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What is search?
Everyone knows what search is, right? On the public Web, it used to be Yahoo; perhaps now it is Google or Bing;...
and if you have a good memory, you will recall Lycos, Alta Vista and others.
What about inside the enterprise? Enterprise search vendors such as HP Autonomy, Google, Oracle, IBM and Microsoft SharePoint spring to mind. Search is also buried within many services and applications, such as Facebook or Netflix. Inside the enterprise, search is a part of operating systems such as Windows, but it's also within many common applications such as Microsoft Outlook, Word and Excel. Search is pervasive and most often perceived as a capability where someone tries to find something with search terminology.
A new paradigm for search is emerging: search-based applications, which allow a new form of information delivery. In these applications, search is invisible to the user and works behind the scenes. Here we explore how search-based applications can be architected with common technologies and why they are important in the information revolution.
What is a search-based application?
Compared with traditional, database-centered application architectures, search-based application architectures (SBAs) are quite different. In database-centric application architectures, content is derived from direct database queries. In SBAs, a search engine platform aggregates and delivers information from structured and unstructured content sources, through a unified interface.
Content sources range from simple to complex. Simple content is tagged and classified according to a predetermined classification scheme or involves data in a relational form, and hence, structure is inherent. Complex content is highly unstructured, and structure must be determined through semantic analysis. Examples of complex, unstructured content sources include wikis, blogs, websites and video. Less complex but nonetheless unstructured content sources include documents and forms.
No matter how many types of content are used, the search-based application platform creates a single, structured data layer where information is decoupled from its original source but where information retains its original characteristics. The SBA provides a query model against the single, structured data layer. The net result is that information can be surfaced holistically and related across the breadth of content in ways that are otherwise impossible.
During the 1980s, relational database technologies defined information access based on structured data; enterprise content management technologies emerged during the early 1990s to define information access to unstructured content. During the 2000s, search technologies matured, and now SBA services have emerged to provide a hybrid model. New application architectures have been fueled by the exponential growth of content sources, together with the desire for a 360-degree view of information.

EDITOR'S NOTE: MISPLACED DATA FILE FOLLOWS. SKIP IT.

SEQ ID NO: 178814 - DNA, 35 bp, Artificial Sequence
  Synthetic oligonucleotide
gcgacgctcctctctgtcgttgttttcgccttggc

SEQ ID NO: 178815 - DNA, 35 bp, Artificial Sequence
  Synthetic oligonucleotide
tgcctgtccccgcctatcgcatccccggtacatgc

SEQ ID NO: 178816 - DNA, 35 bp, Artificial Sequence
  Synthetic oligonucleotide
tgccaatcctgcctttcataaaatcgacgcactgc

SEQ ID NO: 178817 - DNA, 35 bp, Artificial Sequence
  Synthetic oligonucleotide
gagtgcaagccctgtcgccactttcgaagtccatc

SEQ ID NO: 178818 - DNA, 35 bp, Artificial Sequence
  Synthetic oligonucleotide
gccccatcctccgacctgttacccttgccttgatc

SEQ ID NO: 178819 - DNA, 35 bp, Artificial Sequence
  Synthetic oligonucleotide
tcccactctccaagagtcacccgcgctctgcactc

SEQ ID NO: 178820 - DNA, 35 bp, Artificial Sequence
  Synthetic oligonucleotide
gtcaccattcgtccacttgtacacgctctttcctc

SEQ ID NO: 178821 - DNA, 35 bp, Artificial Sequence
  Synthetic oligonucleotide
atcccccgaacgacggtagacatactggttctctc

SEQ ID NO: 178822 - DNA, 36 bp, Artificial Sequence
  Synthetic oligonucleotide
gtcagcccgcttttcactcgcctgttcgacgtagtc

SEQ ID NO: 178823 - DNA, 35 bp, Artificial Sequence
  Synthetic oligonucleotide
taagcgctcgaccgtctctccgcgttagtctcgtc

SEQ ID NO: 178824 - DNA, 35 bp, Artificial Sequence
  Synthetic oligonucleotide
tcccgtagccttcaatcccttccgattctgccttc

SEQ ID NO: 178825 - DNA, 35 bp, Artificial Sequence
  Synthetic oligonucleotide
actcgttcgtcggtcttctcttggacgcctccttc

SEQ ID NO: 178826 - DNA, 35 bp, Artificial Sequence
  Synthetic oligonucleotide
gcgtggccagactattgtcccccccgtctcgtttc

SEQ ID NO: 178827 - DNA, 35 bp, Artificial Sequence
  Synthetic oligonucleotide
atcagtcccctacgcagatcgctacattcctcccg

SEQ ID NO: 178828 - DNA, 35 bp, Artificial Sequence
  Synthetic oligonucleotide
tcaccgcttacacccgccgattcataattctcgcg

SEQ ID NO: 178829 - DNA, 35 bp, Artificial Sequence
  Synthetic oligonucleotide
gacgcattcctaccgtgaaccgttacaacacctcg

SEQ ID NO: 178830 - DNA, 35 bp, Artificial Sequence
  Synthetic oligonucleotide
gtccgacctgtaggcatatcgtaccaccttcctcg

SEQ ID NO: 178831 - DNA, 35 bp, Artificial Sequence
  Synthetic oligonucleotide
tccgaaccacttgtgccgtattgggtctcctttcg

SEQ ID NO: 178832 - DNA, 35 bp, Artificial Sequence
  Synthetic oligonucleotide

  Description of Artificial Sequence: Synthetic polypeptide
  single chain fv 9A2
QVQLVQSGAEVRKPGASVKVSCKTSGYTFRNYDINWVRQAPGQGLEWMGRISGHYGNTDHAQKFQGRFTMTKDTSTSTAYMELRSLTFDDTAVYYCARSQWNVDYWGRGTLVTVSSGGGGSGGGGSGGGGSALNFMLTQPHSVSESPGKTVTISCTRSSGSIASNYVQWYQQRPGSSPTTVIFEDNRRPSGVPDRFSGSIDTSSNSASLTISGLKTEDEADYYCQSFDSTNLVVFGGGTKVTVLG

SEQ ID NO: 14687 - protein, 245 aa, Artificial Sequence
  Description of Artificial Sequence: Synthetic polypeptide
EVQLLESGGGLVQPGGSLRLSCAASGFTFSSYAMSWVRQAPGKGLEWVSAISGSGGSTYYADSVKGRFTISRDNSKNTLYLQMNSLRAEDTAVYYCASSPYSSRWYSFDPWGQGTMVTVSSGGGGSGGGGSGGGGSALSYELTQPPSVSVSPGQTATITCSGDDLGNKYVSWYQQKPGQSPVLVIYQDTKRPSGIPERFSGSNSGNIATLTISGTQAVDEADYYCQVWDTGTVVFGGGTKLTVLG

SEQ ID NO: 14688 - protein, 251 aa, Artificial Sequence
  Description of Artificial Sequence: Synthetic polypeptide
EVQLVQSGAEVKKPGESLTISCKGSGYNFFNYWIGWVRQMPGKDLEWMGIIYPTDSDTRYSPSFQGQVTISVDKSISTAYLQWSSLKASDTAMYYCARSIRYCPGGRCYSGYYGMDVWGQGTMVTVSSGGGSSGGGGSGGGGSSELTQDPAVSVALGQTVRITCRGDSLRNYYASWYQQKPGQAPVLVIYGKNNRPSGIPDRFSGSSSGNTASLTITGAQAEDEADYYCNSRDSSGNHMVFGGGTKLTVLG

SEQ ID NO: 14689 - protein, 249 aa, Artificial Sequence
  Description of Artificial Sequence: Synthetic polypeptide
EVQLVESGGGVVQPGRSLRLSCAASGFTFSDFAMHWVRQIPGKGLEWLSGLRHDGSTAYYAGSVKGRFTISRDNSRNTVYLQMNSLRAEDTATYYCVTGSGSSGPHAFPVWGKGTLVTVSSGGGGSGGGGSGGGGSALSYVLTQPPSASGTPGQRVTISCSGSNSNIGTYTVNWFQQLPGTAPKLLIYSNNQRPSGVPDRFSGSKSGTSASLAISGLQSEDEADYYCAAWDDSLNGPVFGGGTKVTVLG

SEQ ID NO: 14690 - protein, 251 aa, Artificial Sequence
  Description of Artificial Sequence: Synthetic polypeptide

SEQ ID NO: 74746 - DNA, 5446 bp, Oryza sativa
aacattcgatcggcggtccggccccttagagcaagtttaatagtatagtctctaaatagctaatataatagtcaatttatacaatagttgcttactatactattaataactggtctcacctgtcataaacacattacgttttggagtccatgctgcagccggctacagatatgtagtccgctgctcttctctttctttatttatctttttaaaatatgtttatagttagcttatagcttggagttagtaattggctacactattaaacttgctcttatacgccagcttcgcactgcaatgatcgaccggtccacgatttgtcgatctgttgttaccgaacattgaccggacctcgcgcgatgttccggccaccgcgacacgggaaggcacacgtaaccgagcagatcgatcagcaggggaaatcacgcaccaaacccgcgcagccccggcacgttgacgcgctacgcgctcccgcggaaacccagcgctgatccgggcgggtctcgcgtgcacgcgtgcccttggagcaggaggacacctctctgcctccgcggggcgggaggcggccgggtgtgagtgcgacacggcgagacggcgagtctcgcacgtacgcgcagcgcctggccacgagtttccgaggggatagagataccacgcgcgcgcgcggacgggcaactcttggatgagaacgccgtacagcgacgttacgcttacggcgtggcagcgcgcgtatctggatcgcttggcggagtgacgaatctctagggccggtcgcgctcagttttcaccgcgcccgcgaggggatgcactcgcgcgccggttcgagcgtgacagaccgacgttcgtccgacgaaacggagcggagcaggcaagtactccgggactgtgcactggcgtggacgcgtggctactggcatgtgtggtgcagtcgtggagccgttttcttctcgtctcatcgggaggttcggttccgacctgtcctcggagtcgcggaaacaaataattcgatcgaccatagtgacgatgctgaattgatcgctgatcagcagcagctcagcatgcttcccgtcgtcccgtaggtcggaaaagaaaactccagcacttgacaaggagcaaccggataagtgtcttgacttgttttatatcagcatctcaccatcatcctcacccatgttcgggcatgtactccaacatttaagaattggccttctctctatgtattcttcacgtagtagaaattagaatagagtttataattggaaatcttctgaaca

Search-based applications in real life
Let's consider two real-life uses of search-based applications and how they combine structured and unstructured data.
A medical research tool allows researchers to view overlays of patients with particular diseases on a map correlating to other information, such as proximity to chemical plants. To achieve this, the search-based architecture would consume structured content from medical databases such as Epic, but also unstructured content via semantic analysis from physicians' patients' notes.
A Web-based apartment finder portal allows people to search for an apartment to rent or buy. To add value, the portal would assemble a full range of real estate options, including the number of bedrooms and bathrooms; distance to public schools and transport hubs, such as an airport; and price ranges. To achieve this, the search-based architecture would consume content on apartments from multiple real estate sources, use semantic analysis to normalize descriptions of apartments and data about the apartments, and consume geographic data sources to calculate distances of apartments to key points of interest.
Search-based applications are gaining currency as a way for companies to aggregate different data sources into a much more coherent picture. Companies that exploit these applications combine structured and unstructured data to enable a basis for more informed decision making.
About the author:
Jonathan Bordoli is a senior manager in Hitachi Consulting's Microsoft Platform Practice. Based in Chicago, he is responsible for architecting and delivering a broad range of solutions based on the Microsoft technology stack. Bordoli has more than 25 years of experience defining, designing and managing technology delivery across the full project lifecycle, with particular emphasis on delivery and adoption of content, collaboration, and process improvement solutions.
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